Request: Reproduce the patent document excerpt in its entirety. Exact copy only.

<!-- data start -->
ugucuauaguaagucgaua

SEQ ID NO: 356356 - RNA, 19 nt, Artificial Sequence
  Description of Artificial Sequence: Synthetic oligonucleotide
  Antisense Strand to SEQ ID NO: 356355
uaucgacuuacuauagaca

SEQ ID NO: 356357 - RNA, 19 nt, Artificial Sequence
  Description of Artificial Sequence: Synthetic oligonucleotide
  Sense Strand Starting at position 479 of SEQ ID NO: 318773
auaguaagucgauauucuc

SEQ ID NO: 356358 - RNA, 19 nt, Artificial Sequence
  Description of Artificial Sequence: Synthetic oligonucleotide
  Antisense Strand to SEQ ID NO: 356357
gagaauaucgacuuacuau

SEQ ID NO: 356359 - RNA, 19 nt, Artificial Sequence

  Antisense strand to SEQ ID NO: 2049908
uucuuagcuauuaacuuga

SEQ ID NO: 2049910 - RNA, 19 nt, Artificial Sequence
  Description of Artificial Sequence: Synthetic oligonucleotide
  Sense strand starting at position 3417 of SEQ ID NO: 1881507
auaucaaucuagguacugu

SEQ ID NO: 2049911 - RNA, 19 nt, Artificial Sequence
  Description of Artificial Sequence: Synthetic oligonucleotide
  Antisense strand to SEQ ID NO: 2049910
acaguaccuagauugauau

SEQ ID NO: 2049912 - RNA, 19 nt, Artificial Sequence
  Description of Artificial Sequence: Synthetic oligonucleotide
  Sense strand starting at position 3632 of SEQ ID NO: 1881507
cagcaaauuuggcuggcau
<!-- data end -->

ugucuauaguaagucgaua

SEQ ID NO: 356356 - RNA, 19 nt, Artificial Sequence
  Description of Artificial Sequence: Synthetic oligonucleotide
  Antisense Strand to SEQ ID NO: 356355
uaucgacuuacuauagaca

SEQ ID NO: 356357 - RNA, 19 nt, Artificial Sequence
  Description of Artificial Sequence: Synthetic oligonucleotide
  Sense Strand Starting at position 479 of SEQ ID NO: 318773
auaguaagucgauauucuc

SEQ ID NO: 356358 - RNA, 19 nt, Artificial Sequence
  Description of Artificial Sequence: Synthetic oligonucleotide
  Antisense Strand to SEQ ID NO: 356357
gagaauaucgacuuacuau

SEQ ID NO: 356359 - RNA, 19 nt, Artificial Sequence

  Antisense strand to SEQ ID NO: 2049908
uucuuagcuauuaacuuga

SEQ ID NO: 2049910 - RNA, 19 nt, Artificial Sequence
  Description of Artificial Sequence: Synthetic oligonucleotide
  Sense strand starting at position 3417 of SEQ ID NO: 1881507
auaucaaucuagguacugu

SEQ ID NO: 2049911 - RNA, 19 nt, Artificial Sequence
  Description of Artificial Sequence: Synthetic oligonucleotide
  Antisense strand to SEQ ID NO: 2049910
acaguaccuagauugauau

SEQ ID NO: 2049912 - RNA, 19 nt, Artificial Sequence
  Description of Artificial Sequence: Synthetic oligonucleotide
  Sense strand starting at position 3632 of SEQ ID NO: 1881507
cagcaaauuuggcuggcau